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61% of U.S. households paid no federal income taxes in 2020

Yahoo Finance’s Denitsa Tsekova breaks down the rise in households not paying federal income taxes.

Video Transcript

[MUSIC PLAYING]

ALEXIS CHRISTOFOROUS: A whopping 60% of US households paid no income tax last year. And that trend is likely to continue this year. In today's Your Money segment, Yahoo Finance's Denitsa Tsekova here to tell us why. Denitsa, fill us in. What's going on?

DENITSA TSEKOVA: So, yeah, as you said, what we've seen during the pandemic is a significant increase. So that's a 40% increase in the number of US households not paying federal income taxes. So these are nearly 107 million households, 61% that owed no federal income taxes in 2020. And we're expected to see very similar rates in 2021. After that, those rates are expected to return to normal.

This is driven, firstly, by the rise in financial hardship during 2020. Obviously, millions of workers lost their jobs. And lowest income workers were hit disproportionately hard. So for many low wage workers, who previously paid little income tax before the pandemic, that drop in income, because they lost their job, meant that they owed even less money to the IRS and, in this case, no money. Another driver is, of course, the government's response to the pandemic. And a big part of it was the tax based assistance provided by the government.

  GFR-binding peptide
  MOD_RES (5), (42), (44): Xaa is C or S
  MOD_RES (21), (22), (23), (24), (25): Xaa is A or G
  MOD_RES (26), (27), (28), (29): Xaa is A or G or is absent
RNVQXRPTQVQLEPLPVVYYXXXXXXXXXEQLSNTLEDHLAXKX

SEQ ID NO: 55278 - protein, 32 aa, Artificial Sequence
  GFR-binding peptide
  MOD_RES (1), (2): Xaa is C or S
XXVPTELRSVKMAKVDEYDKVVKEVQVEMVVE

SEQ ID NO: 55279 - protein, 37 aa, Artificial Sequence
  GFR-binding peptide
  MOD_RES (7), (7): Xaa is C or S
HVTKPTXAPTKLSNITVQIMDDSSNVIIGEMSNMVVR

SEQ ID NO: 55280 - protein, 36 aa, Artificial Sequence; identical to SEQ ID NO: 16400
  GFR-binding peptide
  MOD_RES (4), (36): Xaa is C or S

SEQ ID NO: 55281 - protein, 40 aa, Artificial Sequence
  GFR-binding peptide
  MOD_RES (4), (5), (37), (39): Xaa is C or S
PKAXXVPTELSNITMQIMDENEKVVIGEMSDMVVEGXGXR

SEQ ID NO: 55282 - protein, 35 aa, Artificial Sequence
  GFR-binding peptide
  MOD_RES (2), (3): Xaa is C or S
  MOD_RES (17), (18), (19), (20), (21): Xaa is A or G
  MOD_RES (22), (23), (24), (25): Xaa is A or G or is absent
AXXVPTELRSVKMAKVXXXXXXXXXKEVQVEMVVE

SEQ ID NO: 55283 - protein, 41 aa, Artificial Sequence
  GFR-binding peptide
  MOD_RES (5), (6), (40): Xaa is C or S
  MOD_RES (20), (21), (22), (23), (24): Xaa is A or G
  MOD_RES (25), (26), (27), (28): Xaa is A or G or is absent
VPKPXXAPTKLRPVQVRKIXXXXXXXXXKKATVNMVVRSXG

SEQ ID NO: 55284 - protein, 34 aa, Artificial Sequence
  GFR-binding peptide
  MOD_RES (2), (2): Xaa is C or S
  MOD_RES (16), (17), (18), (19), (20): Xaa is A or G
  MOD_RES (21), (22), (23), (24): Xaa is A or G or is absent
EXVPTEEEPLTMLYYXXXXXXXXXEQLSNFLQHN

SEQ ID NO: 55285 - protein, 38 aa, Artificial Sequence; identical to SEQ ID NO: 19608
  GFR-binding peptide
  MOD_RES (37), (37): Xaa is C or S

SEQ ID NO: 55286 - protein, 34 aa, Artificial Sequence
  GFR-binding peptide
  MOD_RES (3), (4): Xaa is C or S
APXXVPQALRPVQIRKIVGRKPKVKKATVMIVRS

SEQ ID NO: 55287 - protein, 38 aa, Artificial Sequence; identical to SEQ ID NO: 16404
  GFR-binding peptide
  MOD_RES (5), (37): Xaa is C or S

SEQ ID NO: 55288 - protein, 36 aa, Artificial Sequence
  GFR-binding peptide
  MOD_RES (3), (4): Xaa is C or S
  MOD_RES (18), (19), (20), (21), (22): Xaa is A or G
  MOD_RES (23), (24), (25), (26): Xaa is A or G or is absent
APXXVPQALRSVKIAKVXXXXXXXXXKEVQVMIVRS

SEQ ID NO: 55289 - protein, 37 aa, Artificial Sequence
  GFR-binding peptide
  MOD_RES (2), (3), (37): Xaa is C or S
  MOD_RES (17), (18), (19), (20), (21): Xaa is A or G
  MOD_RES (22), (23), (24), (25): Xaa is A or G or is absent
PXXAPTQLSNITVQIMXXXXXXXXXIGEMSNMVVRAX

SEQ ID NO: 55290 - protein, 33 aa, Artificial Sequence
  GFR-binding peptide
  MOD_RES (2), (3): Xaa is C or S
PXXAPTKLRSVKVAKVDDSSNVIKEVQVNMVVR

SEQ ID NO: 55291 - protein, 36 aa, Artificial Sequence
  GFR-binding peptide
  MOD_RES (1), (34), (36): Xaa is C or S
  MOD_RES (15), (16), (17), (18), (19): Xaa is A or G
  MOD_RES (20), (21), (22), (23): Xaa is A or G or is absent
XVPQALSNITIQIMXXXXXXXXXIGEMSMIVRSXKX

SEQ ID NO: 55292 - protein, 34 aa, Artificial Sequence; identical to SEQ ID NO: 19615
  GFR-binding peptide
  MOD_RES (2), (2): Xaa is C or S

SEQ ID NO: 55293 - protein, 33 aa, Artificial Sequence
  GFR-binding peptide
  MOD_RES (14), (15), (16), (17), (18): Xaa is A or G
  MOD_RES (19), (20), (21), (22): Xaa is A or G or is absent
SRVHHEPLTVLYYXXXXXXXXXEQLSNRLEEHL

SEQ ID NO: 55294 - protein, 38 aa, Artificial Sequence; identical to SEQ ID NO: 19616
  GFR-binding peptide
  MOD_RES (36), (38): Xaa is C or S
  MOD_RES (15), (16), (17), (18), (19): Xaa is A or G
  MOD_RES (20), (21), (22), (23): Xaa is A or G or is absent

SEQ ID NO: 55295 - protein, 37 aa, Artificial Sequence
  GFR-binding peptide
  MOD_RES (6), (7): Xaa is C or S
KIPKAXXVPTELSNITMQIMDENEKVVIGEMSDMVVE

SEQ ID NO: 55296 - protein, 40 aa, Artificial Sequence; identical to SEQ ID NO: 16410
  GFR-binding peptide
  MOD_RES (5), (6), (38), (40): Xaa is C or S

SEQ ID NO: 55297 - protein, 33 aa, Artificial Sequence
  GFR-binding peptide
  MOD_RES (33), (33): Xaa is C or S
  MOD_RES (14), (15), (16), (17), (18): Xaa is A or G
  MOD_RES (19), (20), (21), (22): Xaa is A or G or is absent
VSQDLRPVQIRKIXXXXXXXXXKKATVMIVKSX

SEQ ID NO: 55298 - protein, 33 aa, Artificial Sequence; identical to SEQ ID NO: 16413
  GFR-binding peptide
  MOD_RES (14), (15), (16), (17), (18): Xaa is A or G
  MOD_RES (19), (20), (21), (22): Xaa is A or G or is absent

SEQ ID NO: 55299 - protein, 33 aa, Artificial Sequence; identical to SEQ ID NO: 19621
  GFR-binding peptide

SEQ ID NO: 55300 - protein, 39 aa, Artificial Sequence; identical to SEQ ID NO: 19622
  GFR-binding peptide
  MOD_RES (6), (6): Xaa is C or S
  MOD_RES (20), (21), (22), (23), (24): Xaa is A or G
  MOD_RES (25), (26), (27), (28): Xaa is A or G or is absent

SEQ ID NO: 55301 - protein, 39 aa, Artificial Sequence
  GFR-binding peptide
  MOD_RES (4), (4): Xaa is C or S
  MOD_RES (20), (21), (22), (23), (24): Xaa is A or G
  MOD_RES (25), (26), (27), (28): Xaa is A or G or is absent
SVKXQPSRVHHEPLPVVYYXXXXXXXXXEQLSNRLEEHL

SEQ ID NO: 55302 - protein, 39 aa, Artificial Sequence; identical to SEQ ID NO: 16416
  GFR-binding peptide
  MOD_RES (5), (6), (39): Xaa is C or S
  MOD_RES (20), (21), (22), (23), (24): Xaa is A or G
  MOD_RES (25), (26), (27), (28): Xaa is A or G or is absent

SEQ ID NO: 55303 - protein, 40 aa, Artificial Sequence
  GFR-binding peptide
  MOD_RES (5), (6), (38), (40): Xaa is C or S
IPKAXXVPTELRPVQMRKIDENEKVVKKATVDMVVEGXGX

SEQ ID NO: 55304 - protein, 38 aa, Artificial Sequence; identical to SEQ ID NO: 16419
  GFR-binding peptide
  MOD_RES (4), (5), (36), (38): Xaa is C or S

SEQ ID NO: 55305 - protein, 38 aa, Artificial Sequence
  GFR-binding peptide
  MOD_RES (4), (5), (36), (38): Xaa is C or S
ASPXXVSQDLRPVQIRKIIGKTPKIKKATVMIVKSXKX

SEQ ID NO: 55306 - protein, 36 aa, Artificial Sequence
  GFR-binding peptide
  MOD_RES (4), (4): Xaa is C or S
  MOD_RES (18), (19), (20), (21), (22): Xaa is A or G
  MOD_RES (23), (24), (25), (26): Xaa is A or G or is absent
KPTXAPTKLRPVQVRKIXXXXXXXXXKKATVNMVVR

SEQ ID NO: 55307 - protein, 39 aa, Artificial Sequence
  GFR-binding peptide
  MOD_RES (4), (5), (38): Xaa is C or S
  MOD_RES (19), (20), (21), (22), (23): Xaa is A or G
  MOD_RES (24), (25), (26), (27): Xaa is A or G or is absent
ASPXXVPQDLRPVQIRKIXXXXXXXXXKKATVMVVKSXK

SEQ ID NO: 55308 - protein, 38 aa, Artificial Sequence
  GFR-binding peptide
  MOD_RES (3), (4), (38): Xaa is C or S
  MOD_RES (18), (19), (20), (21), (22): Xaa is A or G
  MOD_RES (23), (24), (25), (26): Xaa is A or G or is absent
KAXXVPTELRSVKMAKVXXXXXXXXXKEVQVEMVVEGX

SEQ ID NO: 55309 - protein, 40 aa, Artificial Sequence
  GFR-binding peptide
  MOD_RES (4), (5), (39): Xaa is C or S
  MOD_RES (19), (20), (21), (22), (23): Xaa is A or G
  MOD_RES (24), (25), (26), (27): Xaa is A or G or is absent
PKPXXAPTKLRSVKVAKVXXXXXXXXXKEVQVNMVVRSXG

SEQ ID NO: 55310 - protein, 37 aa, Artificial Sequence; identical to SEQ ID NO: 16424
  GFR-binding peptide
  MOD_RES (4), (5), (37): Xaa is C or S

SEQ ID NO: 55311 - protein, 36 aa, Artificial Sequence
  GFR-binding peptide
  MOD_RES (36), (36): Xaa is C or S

And, obviously, the stimulus payments we've talked so much about, two of them were in 2020. And the stimulus checks, when it comes to taxes, they're actually a refundable tax credit. So what they do is they effectively reduce the household's tax liability. So that's a big reason why many households didn't have to pay taxes to the IRS in 2020. And of course, the CTC credits, they were also expanded.

The earned income tax credit and those, they don't have impact in 2020, but they will do in 2021. And similarly, they're both refundable credits. And they reduce or eliminate many household's tax liability for 2021. And we're only talking about federal income taxes. So those families are still paying sales taxes, payroll taxes, and other taxes. So this is only the group of taxes they actually don't pay.

ALEXIS CHRISTOFOROUS: Right. Good distinction to make, only federal taxes here. But that still is quite a savings for lots of folks. So tell us which group of taxpayers is actually benefiting from this.

DENITSA TSEKOVA: Exactly, yeah, federal and state, in many cases, the rates will be very similar. And the group that benefits the most is families with children. And we're talking specifically about families with children that are low income to mid-income. so households that make below $28,000 now effectively pay no federal income tax in 2021. For the next income bracket, that rate's reduced, of 3/4 of those people will not have to pay taxes in 2021.

And then, as you go up the income ladder, fewer and fewer people don't have to pay taxes. And, of course, in 2020, we're going to see similar rates, first because the third stimulus payment, which was $1,600, was distributed in 2021. And additionally, all those tax credits, including the last payments we're currently getting out of the CTC, will impact taxpayers in 2021 and reduce their tax liability.

ALEXIS CHRISTOFOROUS: All right. Denitsa Tsekova, thanks, as always, for filling us in. Appreciate it.